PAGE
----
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ISSN 1759-3158
Edited by: B.H.V. Topping
Chapter 10

Modelling Masonry with Limit Analysis Finite Elements: Review, Applications and New Directions

G. Milani1 and P.B. Lourenço2

1Department of Civil Engineering, University of Ferrara, Italy
2Department of Civil Engineering, University of Minho, Portugal

Full Bibliographic Reference for this chapter
G. Milani, P.B. Lourenço, "Modelling Masonry with Limit Analysis Finite Elements: Review, Applications and New Directions", in B.H.V. Topping, (Editor), "Civil Engineering Computations: Tools and Techniques", Saxe-Coburg Publications, Stirlingshire, UK, Chapter 10, pp 217-242, 2007. doi:10.4203/csets.16.10
Keywords: masonry, limit analysis, constitutive behaviour, homogenization techniques.

A homogenization limit analysis model based on a plate and shell upper bound FE formulation is presented. In the model, the elementary cell is subdivided along its thickness into several layers. For each layer, fully equilibrated stress fields are assumed, adopting polynomial expressions for the stress tensor components in a finite number of sub-domains. The continuity of the stress vector on the interfaces between adjacent sub-domains and suitable anti-periodicity conditions on the boundary surface are further imposed. In this way, linearized homogenized surfaces in six dimensions (polytopes) for masonry in- and out-of-plane loaded are obtained. Such surfaces are then implemented in a FE limit analysis code for the analysis at collapse of entire three-dimensional structures and meaningful examples of technical relevance are discussed in detail.

The micro-mechanical model presented competes favourably with more traditional approaches, such as for instance full three-dimensional heterogeneous techniques and "at hand" calculations based on the assumption of zero resistance of masonry in tension. In fact, full three-dimensional analyses performed on entire buildings by means of the homogenization model presented, require a reduced computational cost (less than 150 seconds for a single optimization reported in Section 4), do not require an a-priori evaluation of the collapse mechanisms and can take into account important features of masonry at failure. Furthermore, limit analysis is able to give important information at failure, such as failure mechanisms, collapse loads, stress distribution, plastic dissipation zones, etc. Therefore, the model presented results in a valuable tool for practitioners involved in advanced analyses of full three-dimensional masonry structures subjected to seismic actions.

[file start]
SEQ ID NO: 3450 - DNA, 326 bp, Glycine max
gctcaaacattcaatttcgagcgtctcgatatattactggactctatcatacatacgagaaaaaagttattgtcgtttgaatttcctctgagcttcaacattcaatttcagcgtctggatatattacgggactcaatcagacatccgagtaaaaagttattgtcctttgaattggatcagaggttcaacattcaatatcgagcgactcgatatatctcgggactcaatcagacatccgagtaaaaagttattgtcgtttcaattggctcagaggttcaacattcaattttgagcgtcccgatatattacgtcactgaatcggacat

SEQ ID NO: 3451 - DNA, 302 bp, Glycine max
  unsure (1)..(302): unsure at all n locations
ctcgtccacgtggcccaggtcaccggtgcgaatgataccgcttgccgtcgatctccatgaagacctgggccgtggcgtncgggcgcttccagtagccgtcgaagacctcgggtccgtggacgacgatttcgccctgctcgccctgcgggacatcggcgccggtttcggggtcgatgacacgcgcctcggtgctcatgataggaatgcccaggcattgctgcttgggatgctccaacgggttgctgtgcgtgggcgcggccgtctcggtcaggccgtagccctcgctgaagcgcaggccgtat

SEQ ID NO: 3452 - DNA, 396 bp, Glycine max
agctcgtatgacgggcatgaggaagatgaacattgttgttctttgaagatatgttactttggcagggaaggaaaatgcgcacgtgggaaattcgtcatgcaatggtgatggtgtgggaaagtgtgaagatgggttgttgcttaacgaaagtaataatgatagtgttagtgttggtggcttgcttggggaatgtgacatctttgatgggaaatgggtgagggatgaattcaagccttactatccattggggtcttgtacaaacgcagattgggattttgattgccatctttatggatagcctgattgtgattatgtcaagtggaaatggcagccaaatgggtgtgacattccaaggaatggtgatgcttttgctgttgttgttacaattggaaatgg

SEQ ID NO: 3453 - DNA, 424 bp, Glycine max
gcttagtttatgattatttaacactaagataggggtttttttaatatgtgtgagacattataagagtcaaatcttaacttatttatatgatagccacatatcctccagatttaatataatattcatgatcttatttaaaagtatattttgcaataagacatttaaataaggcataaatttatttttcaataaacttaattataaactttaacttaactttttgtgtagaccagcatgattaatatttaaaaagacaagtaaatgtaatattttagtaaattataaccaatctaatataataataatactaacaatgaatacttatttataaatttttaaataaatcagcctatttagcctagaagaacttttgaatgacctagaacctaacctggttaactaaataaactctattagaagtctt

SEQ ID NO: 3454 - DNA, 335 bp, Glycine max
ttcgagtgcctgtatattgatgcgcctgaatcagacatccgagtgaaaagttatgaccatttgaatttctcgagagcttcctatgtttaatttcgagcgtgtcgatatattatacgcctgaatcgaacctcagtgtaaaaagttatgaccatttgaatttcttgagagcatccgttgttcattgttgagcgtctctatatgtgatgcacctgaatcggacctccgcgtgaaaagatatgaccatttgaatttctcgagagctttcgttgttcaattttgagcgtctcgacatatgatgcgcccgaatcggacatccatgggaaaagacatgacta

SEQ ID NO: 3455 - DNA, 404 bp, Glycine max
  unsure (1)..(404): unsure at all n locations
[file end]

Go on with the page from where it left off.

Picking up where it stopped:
The limited computational effort of the optimization problems obtained in this framework allows one to tackle interesting engineering problems, such as for instance the evaluation of collapse loads stochastic distribution of masonry structures when mortar mechanical properties (i.e. input parameters) are assumed as random variables.

The combination of homogenization, limit analysis and response surface approximation allows one to obtain reliable predictions of failure loads distribution when metamodels are built starting from few points sampled randomly and making use of both traditional Monte Carlo approaches and Latin Hypercube sampling. In this way, a reliable estimation of output collapse loads distribution can be obtained avoiding performance of expensive Monte Carlo simulations with several points.

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